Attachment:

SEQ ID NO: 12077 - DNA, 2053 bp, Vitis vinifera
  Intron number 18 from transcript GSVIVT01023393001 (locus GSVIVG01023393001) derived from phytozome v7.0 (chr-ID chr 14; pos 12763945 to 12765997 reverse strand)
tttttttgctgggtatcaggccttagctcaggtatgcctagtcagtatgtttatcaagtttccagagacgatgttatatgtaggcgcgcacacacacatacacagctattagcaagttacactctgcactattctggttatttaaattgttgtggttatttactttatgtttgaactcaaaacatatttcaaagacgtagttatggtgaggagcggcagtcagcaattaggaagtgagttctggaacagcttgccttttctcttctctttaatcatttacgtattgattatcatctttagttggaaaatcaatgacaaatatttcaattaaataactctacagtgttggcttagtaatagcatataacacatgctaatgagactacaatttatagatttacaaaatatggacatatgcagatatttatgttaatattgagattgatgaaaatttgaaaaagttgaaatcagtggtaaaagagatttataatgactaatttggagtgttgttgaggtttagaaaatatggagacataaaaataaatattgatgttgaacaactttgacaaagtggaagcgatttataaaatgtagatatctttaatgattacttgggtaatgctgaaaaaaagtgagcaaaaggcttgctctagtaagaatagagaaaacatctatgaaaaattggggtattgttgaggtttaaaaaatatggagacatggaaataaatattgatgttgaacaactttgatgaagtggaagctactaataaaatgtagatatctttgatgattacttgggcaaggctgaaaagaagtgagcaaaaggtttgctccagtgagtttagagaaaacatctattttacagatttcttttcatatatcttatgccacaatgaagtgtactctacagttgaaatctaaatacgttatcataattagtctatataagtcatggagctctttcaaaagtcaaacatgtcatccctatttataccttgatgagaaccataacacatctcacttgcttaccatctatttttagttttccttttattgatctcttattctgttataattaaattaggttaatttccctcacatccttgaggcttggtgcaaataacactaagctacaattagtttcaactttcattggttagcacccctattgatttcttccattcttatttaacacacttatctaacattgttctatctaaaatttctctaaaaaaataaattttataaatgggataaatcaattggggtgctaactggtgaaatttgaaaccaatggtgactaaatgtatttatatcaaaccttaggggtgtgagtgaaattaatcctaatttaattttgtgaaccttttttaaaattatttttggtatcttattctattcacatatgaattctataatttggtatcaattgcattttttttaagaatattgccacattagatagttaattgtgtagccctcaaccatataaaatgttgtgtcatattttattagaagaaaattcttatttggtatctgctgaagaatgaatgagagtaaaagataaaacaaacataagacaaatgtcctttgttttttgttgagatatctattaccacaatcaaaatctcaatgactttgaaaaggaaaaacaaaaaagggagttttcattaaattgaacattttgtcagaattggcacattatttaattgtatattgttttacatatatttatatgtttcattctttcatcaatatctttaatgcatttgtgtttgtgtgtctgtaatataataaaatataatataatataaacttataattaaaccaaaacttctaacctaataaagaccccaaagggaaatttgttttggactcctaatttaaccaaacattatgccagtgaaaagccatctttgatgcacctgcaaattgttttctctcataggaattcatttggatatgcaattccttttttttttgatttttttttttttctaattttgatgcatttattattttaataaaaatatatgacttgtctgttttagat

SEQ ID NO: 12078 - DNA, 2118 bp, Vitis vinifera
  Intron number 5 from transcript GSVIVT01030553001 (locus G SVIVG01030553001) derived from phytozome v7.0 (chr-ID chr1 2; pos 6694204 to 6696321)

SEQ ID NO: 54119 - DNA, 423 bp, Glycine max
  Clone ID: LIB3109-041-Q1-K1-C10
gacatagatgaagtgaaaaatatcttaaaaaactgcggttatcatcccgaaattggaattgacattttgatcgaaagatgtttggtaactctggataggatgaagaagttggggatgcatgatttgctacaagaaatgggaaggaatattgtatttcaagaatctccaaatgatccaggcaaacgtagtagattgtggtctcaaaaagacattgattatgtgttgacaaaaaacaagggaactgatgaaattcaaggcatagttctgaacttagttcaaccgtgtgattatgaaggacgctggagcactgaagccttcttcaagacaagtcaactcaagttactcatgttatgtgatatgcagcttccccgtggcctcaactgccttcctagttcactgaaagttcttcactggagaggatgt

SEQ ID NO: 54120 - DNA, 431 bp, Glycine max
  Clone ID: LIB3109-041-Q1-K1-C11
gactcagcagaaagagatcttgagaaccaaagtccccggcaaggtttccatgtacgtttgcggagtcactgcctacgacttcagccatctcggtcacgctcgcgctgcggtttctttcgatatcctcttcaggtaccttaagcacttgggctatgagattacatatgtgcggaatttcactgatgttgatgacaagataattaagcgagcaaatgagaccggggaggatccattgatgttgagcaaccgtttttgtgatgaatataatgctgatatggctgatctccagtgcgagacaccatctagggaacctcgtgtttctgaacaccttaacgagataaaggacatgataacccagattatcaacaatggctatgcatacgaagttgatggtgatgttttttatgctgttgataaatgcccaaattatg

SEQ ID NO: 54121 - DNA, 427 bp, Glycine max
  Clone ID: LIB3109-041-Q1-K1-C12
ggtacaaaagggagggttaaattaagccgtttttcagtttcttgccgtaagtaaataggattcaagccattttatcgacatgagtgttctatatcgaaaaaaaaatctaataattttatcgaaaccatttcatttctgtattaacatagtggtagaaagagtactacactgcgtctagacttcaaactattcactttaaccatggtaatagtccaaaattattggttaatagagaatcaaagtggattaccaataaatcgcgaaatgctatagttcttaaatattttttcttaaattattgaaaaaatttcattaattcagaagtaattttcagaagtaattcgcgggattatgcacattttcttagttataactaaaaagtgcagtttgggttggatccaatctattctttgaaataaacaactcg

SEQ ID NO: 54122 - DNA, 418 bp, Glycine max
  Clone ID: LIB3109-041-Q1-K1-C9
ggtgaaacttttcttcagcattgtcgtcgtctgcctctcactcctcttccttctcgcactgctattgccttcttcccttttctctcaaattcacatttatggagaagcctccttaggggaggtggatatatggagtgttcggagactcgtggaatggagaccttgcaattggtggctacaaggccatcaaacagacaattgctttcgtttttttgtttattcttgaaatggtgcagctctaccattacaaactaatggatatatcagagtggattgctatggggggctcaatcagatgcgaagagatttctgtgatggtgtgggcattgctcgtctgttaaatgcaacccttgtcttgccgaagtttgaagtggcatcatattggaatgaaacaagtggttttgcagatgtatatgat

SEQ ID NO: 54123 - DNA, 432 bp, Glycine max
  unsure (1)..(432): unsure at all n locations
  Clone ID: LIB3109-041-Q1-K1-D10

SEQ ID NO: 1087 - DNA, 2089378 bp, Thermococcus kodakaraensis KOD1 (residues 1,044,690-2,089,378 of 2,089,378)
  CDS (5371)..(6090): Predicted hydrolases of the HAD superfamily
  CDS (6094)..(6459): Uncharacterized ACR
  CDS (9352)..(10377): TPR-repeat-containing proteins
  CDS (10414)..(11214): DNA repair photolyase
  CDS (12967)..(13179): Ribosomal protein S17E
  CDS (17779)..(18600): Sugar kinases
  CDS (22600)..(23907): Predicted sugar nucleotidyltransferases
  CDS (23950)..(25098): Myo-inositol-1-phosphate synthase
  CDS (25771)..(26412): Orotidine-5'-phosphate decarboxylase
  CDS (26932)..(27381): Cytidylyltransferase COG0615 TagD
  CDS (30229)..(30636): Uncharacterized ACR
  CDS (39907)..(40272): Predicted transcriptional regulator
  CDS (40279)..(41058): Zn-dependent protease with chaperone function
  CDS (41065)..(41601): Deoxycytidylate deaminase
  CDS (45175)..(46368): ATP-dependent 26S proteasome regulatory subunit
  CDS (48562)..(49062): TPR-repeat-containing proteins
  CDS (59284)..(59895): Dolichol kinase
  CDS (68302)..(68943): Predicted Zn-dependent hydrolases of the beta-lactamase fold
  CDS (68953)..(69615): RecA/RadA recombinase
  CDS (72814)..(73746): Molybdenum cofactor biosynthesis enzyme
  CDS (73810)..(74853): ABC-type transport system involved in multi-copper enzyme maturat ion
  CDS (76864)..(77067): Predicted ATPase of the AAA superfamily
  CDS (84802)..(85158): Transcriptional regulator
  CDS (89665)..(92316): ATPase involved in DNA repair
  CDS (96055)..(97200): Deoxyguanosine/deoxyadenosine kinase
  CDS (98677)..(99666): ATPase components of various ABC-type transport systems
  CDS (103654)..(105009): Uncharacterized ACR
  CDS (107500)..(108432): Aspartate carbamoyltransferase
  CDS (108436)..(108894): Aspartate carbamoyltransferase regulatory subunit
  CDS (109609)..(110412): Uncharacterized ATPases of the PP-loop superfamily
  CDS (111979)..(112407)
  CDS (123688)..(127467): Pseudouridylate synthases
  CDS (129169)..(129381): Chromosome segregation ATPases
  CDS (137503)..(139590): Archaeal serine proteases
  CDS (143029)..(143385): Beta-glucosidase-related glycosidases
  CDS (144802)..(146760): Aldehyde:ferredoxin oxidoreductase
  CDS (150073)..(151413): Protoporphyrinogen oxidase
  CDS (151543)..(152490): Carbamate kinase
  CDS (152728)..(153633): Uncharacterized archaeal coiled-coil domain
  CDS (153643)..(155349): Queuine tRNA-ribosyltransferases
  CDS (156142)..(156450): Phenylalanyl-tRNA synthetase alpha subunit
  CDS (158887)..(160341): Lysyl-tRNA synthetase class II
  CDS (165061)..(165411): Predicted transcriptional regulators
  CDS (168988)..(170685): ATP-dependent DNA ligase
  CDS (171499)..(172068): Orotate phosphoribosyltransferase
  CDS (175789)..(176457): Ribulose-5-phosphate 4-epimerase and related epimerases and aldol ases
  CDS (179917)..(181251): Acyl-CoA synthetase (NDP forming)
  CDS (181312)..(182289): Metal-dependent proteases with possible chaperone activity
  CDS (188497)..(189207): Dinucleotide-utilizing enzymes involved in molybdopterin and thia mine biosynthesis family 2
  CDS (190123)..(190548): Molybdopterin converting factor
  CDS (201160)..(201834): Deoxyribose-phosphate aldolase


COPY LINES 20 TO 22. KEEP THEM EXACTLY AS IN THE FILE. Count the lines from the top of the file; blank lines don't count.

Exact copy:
  Clone ID: LIB3109-041-Q1-K1-D10

SEQ ID NO: 1087 - DNA, 2089378 bp, Thermococcus kodakaraensis KOD1 (residues 1,044,690-2,089,378 of 2,089,378)
  CDS (5371)..(6090): Predicted hydrolases of the HAD superfamily